Mercedes Serves Up Promotions at U.S. Open

Mercedes-Benz hopes to turn tennis fans into car buyers at the 2015 U.S. Open.

The luxury automaker has long pumped marketing dollars into the sport, and at the U.S. Open in New York, Mercedes is making another splash. Mercedes, whose logo appears on the net in Arthur Ashe Stadium, is the event’s official vehicle and the presenting sponsor of the men’s singles championship on Sept. 13. Roger Federer, a Mercedes brand ambassador, is playing for his 18th Grand Slam singles title.

There is a nice perk for Mercedes owners, too. Drive up in your Mercedes, and parking is free.

The U.S. Open, the last of four Grand Slam tournaments each year, offers the biggest platform in North America for brands to reach tennis fans. For Mercedes, the money spent on sponsoring the event is worth it.

“We can equate a lot of what we do here with sales. There’s a very high return on investment for us,” said Stephanie Zimmer, department manager of brand experience marketing at Mercedes-Benz USA.

Through its sponsorship, Mercedes aims to change perceptions about its brand. “We’re not just a high-end automaker, but we’re a brand for everybody,” Zimmer added. “If I can change one person’s mind about the brand, than I’ve done my job.”

Mercedes has made an effort to bring in consumers who have tighter budgets. Its CLA-class vehicles start at roughly $31,500, below August’s average transaction price of $33,543 according to Kelley Blue Book data.

The entry-level model line was launched in the U.S. market about two years ago, and the compact sedans and coupes quickly gained traction. Sales are up 35% year-over-year through the first eight months of 2015.

Overall, Mercedes-brand sales have grown 7.3% thanks in part to AMG high-performance models, which Federer has pitched in televised ads. Although it remains ahead of Mercedes in total sales this year, BMW has reported smaller growth of 5.9% through August.

Early Mercedes events at the National Tennis Center included a tennis clinic with Federer, who holds the men’s all-time record for the most Major singles championships.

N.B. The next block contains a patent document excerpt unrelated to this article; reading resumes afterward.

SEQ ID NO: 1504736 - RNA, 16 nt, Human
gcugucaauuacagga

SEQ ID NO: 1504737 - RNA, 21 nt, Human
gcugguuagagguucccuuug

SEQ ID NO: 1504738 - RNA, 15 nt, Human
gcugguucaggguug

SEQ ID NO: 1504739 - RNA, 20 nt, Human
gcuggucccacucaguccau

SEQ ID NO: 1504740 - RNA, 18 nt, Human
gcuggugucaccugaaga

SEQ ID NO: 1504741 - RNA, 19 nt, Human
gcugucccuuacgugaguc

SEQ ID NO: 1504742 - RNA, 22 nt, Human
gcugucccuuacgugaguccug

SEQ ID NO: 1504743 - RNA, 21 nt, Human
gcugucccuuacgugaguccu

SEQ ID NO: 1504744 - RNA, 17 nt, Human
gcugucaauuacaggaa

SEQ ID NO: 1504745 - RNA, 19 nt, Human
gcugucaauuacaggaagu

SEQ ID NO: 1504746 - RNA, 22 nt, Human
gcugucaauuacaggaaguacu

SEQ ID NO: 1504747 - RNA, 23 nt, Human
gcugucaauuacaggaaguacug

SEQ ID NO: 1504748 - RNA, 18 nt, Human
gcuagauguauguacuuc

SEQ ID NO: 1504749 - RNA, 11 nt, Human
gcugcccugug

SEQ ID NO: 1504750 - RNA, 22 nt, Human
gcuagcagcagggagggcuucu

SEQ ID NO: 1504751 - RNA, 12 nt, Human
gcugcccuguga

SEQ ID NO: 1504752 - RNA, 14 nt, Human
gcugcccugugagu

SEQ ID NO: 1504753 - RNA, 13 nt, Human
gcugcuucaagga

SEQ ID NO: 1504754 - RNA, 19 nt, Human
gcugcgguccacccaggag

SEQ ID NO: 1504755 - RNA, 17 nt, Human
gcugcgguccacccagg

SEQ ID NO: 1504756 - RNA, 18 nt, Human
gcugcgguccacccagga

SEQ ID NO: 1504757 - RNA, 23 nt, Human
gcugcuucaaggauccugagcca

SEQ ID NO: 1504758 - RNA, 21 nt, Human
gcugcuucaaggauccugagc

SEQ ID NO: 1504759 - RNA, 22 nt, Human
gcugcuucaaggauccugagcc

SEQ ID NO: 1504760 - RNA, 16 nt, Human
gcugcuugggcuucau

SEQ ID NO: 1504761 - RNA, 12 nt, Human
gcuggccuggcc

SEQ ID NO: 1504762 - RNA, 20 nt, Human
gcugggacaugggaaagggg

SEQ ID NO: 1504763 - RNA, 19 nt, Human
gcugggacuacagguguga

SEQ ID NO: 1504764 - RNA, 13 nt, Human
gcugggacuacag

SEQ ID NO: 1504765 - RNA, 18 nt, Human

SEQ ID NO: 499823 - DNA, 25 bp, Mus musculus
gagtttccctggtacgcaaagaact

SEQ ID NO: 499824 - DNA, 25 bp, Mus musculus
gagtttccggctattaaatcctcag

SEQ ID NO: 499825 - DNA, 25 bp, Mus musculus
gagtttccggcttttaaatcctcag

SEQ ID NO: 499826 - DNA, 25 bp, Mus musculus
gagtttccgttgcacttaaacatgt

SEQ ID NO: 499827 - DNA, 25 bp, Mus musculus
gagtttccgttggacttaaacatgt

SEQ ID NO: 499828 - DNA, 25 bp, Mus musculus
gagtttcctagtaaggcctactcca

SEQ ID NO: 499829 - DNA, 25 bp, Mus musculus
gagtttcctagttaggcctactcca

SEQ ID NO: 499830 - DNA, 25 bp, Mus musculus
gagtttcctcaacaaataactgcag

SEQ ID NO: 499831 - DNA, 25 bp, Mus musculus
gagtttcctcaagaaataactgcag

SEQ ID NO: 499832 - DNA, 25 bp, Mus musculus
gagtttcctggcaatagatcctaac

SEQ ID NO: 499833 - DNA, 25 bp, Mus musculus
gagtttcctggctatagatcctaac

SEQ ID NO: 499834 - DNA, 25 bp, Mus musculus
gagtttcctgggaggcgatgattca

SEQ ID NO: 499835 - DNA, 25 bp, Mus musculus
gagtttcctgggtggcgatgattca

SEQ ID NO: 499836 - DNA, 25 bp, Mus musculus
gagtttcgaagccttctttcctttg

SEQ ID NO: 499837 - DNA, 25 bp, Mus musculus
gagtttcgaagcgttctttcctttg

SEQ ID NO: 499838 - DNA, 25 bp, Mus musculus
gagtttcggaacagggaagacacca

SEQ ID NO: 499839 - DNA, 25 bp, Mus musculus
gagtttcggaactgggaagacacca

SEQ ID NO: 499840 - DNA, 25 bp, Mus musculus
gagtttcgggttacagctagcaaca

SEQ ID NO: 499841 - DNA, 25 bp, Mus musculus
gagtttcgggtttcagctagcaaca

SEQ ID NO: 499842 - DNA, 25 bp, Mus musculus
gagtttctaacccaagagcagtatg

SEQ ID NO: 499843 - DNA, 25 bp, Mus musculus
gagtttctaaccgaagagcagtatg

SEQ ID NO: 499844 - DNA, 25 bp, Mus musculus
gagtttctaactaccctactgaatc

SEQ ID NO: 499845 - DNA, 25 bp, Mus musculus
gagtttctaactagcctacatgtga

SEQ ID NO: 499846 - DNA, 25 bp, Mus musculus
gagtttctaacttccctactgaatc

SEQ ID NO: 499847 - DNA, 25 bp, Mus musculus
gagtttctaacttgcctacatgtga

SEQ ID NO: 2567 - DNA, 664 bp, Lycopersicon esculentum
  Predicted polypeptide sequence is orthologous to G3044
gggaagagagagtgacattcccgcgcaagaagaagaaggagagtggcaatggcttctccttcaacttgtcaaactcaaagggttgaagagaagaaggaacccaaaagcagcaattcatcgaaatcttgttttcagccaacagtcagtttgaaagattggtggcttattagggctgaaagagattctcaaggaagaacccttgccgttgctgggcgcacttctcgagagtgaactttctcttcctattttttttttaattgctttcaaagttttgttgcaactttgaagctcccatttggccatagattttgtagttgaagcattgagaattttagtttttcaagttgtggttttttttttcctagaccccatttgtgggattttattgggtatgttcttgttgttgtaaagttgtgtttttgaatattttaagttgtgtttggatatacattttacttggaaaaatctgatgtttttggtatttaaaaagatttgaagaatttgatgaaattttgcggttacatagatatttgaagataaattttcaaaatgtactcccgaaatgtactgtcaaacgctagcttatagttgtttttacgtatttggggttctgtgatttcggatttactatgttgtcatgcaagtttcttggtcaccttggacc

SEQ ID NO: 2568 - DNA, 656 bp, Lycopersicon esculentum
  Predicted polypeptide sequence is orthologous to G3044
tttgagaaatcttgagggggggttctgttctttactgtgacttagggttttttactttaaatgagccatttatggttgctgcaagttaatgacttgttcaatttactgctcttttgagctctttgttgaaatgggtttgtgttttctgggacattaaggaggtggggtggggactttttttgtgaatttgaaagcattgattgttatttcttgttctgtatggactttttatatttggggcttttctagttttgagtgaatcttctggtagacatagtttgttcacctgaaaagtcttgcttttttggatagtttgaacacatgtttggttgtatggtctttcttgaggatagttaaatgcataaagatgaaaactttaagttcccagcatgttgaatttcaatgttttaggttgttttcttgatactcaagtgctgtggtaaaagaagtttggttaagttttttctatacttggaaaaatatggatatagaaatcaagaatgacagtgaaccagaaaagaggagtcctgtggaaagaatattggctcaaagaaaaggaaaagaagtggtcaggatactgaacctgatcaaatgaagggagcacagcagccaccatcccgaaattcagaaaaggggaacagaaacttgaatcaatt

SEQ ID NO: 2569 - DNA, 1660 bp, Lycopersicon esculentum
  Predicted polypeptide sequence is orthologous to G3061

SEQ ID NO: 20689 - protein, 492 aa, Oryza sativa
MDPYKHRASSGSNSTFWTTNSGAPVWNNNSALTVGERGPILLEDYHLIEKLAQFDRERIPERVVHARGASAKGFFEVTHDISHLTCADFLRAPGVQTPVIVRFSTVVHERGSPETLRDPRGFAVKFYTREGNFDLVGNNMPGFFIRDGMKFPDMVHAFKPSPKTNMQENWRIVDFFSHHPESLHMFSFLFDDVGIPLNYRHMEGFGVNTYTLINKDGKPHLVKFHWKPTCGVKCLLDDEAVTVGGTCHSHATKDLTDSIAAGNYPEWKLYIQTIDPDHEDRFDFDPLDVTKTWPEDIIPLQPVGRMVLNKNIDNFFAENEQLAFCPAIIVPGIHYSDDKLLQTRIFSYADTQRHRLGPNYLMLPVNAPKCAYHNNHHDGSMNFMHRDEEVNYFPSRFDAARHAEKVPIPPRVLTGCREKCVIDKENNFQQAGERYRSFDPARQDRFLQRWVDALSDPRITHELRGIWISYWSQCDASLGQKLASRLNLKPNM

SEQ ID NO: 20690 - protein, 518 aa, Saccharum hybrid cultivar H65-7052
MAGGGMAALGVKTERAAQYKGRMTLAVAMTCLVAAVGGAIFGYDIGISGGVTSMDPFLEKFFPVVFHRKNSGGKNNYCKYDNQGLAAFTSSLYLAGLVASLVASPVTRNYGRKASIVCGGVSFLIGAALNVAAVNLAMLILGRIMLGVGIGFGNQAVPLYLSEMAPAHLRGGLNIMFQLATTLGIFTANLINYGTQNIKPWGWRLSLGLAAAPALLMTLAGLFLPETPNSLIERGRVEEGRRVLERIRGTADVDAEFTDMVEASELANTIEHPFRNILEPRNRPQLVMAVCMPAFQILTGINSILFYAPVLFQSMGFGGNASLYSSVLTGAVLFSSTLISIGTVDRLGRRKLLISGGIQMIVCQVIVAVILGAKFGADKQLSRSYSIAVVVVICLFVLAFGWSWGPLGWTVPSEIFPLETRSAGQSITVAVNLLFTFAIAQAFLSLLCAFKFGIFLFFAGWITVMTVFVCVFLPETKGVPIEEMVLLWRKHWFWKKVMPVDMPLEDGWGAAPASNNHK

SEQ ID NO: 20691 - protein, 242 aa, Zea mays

“When he speaks about us, it really is coming from his heart,” Zimmer said of the tennis star.

So how much can sponsorships impact sales? For luxury brands, it can be the difference between making a sale and a competitor making a sale. Sometimes the hardest battle is getting a customer to walk into a dealer.

Mercedes, whose vehicles are on display at the U.S. Open, is a big player in the sports world.

The German automaker scored the naming rights to a new stadium for the NFL’s Atlanta Falcons, an announcement that came after Mercedes moved its North American headquarters from Montvale, N.J., to Atlanta this summer. The company’s NFL portfolio also includes the Mercedes-Benz Superdome, home of the New Orleans Saints.

In golf, Mercedes served as an official sponsor of the PGA Championship in August and has an endorsement deal with Rickie Fowler, who is ranked No. 9 in the world.

Zimmer said Mercedes’ sports partnerships are consistent with the brand’s motto, “the best or nothing.”

“The Superdome is one of most iconic sports buildings in the country, and the Falcons’ stadium is one of most innovative in country. All of those properties resonate in that space,” Zimmer explained.

As for tennis, Mercedes—a sponsor in the sport for nearly 20 years—believes the U.S. Open also resonates with its target customers.

“It’s a sport about performance, and we’re a performance brand,” Zimmer said. “It doesn’t hurt that 700,000 people walk through the gates every year.”